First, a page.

This is a great question, and one that is asked often. There are two errors that we can fall into as we approach a passage like this.
First, we can make the text say more than it does. Many have misunderstood Matthew 7:7-11 as teaching a "blank check" theology of prayer, namely, ask God for whatever you want, and he will give it to you. This understanding makes the text say too much and rips it out of its context. In verses 1-6 the Lord has been warning his disciples against sinful judgmentalism and encouraging them to be spiritually discerning. The question that would naturally come to mind after such a warning and encouragement is, "Wow, this is a tall order to fill. How can I avoid such judgmentalism and cultivate such discernment?" Jesus gives us the answer in verses 7-11. We must ask for it. And so verses 7-11 don't provide us with a blank check to ask for whatever we want from God. Rather, they teach us to strive in prayer for the wisdom and enablement demanded by verses 1-6. The parallel passage in Luke 11:13 tells us that what the Lord gives in response to such prayer is, in fact, the good gift of his Holy Spirit, who grants wisdom and discernment.
Second, we can make these verses say too little, stripping them of any real promise at all. This is done by many well-meaning Christians to avoid the error just mentioned and protect God's sovereignty over all things in prayer. However, this view is contrary to the Scripture's own teaching on prayer. Prayer is a powerful means by which the Lord carries out his will in and among his people (Jas. 5:17-20). It is an effective instrument, and we must resist the temptation to believe that it is not.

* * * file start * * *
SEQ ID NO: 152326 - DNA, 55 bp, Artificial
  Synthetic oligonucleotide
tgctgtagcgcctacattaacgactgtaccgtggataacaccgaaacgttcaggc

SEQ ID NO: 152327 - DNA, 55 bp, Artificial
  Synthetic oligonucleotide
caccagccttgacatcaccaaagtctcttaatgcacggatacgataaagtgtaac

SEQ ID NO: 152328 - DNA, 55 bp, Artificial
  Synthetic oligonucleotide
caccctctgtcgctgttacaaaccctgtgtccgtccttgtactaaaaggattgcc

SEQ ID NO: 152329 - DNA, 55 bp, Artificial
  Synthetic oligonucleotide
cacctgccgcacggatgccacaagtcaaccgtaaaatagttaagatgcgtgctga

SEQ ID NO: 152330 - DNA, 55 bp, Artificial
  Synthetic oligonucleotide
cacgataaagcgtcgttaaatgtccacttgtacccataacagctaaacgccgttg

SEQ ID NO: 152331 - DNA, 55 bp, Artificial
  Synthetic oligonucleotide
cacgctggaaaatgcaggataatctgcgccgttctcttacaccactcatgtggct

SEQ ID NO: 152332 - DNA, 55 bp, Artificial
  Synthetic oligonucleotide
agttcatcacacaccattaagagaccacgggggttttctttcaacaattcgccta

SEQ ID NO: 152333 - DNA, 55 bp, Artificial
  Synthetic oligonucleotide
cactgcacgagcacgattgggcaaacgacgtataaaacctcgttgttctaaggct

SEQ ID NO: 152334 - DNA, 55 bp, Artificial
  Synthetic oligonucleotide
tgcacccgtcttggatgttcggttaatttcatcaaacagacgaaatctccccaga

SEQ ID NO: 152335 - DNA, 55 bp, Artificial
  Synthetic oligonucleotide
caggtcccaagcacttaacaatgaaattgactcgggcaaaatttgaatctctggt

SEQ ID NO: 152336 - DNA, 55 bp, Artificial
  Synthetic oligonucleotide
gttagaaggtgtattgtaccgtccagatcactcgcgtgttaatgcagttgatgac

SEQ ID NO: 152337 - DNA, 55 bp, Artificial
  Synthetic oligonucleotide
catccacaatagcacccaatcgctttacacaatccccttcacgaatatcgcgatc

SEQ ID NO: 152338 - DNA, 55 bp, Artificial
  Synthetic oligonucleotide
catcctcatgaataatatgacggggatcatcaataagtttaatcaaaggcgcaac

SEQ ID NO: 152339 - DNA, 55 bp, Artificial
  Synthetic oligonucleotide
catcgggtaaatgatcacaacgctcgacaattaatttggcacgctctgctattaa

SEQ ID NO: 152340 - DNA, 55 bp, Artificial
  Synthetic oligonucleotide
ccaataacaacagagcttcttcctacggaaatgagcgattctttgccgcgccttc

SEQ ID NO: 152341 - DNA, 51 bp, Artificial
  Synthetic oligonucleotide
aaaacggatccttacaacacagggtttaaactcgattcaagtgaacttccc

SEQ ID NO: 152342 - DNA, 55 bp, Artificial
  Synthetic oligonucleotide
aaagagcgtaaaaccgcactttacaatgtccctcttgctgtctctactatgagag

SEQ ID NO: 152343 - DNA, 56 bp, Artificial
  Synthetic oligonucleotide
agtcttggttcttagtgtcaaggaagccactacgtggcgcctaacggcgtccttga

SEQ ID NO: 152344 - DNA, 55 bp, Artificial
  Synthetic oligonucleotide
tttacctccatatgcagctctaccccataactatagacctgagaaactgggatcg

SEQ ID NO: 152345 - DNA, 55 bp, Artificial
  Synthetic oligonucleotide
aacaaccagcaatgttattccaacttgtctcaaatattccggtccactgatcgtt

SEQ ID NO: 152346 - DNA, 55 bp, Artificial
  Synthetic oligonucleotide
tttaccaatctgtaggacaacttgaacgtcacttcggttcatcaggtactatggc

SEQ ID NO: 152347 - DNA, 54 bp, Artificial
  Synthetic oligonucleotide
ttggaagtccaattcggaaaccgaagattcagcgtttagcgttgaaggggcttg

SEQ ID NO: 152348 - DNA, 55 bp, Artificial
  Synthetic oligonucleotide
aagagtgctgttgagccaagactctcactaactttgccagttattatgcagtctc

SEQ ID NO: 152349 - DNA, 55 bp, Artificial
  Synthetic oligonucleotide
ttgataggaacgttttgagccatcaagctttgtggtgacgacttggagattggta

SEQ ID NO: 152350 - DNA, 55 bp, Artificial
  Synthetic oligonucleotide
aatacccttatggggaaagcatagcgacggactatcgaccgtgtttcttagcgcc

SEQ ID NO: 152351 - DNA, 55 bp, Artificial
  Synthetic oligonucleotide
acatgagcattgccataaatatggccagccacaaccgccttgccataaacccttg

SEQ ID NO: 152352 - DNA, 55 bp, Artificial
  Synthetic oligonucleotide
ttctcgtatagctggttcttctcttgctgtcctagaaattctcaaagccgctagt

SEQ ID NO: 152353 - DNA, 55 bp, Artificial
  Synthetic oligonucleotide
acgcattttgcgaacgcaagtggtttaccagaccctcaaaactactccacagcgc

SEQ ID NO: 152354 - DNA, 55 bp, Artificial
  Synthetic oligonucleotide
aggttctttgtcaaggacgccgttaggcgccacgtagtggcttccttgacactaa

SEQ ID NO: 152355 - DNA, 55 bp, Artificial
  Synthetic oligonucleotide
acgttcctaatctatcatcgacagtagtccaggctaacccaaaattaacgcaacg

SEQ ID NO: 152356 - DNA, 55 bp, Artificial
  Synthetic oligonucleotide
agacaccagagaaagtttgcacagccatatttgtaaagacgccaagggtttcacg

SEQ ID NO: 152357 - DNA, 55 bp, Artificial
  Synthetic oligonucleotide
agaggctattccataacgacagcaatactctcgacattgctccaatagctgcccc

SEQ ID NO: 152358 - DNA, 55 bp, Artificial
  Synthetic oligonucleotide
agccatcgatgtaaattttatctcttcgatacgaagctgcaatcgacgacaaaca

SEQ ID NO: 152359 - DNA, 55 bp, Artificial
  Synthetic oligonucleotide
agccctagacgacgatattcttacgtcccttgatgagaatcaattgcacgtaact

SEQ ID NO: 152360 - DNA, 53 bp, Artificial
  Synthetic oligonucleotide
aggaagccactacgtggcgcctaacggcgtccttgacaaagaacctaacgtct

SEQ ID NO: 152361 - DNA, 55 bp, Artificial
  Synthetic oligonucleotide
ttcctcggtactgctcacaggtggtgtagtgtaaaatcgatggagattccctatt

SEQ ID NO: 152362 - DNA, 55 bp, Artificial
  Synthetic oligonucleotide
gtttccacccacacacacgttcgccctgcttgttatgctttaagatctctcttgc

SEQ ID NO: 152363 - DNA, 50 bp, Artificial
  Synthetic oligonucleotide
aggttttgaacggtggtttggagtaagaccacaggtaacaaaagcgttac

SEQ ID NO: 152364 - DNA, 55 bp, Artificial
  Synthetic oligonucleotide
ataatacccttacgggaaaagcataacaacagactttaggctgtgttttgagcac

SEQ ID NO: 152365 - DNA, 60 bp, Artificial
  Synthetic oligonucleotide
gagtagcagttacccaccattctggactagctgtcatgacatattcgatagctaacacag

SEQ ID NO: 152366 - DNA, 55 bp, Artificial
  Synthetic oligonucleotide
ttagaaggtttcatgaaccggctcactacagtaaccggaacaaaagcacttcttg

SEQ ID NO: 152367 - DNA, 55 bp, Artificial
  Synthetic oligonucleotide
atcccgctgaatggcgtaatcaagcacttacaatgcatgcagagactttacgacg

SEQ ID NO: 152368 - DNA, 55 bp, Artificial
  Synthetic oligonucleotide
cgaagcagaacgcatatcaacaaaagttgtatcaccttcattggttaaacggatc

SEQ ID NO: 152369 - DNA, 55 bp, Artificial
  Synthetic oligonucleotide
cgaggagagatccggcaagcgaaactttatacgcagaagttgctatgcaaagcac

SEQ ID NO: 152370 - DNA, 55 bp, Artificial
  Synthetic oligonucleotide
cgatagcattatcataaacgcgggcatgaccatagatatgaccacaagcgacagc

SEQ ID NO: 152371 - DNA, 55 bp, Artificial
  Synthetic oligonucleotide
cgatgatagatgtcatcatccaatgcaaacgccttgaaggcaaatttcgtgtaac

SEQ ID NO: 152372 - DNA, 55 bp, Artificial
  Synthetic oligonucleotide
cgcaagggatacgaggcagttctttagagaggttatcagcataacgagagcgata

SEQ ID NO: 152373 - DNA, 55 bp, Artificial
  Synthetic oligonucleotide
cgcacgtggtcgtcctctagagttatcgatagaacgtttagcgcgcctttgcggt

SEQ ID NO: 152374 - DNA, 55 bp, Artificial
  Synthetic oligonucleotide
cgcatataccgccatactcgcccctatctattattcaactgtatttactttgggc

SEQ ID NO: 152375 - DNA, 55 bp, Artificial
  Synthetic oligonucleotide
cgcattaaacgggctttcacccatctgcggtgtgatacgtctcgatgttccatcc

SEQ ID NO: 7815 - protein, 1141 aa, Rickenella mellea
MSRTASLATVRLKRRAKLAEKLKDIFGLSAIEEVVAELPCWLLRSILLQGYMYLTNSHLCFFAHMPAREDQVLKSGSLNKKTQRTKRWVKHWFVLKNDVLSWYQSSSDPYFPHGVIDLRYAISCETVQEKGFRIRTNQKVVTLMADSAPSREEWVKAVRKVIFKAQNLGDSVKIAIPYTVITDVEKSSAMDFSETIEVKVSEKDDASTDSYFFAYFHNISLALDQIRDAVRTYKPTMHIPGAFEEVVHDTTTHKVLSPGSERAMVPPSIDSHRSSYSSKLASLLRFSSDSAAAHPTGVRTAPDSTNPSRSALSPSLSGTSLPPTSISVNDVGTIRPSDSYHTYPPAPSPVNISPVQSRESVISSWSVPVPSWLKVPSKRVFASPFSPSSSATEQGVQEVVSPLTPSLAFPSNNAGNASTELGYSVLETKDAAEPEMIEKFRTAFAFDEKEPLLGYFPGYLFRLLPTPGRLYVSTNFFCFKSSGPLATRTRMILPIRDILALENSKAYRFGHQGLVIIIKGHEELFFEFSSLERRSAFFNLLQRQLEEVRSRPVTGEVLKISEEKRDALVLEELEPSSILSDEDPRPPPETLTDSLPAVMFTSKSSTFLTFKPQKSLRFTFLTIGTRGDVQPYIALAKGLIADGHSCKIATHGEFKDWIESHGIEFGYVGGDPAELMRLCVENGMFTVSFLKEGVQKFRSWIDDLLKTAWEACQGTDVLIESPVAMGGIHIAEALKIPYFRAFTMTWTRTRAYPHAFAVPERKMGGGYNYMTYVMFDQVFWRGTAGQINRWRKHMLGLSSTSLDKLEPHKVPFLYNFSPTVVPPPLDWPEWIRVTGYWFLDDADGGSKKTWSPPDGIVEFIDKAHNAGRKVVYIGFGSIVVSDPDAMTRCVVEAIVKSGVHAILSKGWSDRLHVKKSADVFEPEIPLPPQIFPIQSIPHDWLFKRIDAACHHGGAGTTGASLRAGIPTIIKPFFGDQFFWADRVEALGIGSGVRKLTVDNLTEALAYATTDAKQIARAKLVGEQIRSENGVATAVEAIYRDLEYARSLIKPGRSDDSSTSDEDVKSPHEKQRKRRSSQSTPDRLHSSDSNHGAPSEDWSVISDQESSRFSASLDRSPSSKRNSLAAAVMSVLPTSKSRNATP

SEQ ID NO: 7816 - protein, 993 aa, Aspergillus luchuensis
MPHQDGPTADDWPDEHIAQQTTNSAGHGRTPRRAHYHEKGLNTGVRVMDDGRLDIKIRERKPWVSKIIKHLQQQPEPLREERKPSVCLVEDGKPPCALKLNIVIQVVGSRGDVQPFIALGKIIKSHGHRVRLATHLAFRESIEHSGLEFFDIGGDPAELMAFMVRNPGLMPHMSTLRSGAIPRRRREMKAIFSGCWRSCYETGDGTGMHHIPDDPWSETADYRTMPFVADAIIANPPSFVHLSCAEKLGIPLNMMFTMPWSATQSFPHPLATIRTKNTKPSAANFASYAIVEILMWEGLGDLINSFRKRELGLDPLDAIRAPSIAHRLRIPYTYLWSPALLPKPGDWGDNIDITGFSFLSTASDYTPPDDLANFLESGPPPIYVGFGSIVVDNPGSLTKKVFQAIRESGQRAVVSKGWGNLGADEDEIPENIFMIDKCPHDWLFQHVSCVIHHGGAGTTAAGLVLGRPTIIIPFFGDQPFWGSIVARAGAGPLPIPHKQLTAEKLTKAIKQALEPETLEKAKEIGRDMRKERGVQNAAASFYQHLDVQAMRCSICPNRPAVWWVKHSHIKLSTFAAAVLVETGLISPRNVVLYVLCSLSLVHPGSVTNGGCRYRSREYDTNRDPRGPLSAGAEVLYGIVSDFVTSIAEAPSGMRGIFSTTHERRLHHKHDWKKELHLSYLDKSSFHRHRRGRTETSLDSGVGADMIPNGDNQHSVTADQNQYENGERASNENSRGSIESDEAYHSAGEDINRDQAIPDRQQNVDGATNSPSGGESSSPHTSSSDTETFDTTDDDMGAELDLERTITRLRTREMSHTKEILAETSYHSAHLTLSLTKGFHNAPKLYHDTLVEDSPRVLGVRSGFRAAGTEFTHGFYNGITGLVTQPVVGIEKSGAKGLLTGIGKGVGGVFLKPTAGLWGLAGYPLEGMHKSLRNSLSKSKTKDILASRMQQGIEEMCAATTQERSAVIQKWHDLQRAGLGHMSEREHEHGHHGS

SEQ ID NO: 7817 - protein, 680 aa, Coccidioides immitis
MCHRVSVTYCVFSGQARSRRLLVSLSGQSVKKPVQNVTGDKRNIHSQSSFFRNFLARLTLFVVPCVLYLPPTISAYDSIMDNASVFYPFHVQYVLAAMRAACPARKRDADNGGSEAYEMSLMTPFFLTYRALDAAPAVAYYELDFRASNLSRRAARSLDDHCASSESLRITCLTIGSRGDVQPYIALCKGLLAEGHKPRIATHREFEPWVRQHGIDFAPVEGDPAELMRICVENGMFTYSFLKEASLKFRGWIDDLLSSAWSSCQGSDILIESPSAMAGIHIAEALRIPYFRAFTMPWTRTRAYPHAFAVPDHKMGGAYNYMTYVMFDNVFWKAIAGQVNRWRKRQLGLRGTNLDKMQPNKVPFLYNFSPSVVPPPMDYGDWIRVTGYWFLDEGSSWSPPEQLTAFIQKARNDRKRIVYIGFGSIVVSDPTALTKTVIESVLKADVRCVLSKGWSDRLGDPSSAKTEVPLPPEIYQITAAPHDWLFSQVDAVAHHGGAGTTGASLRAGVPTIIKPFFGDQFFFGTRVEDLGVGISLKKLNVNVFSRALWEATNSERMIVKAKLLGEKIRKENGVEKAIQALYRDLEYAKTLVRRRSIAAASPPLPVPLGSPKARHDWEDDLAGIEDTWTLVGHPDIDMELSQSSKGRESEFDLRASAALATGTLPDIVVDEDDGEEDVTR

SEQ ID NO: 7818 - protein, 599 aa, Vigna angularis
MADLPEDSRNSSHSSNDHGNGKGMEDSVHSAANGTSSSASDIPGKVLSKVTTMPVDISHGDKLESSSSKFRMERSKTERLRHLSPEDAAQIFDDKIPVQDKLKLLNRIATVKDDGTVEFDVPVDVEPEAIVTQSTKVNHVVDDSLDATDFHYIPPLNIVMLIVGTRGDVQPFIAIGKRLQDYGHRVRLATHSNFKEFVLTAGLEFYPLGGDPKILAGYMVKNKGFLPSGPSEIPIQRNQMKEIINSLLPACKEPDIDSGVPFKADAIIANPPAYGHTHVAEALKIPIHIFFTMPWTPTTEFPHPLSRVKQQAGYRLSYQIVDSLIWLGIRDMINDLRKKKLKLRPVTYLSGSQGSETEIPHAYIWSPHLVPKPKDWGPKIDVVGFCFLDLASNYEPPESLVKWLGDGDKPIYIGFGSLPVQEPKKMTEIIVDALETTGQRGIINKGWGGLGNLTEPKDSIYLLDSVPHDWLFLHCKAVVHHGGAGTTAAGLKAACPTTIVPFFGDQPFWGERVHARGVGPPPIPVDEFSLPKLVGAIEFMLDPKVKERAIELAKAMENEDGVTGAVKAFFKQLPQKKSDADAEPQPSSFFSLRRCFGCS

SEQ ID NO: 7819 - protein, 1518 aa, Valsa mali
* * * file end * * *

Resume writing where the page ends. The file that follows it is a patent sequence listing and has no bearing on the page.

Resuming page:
Jesus' point here, then, in Matthew 7:7-11 is not that God will give us anything we want. Rather, he teaches us that when God's children ask for things such as wisdom, discernment, and the like, God will not grant them something evil in return (vs. 9-10). With this said, as God's children we must be diligent 1) to ask in faith without doubting (Jas 1:5-8), and 2) to make use of the other means by which God grants grace, namely attending to the preaching of God's Word (where his grace in Christ is revealed), and the sacraments (where our faith in God's grace is strengthened and nourished).
So, to answer your question: will God grant you the grace you need if you ask him? Framed by a biblical understanding of prayer, yes! Yet please remember that even this cannot be understood as some magic potion or silver bullet that will instantaneously and immediately solve all our struggles. Rather, we engage in prayer trusting God's wisdom and timing in the granting of such grace. For this reason we often speak of striving in prayer and persisting in prayer. May the Lord grant you such striving and persisting in prayer—for your good and his glory.
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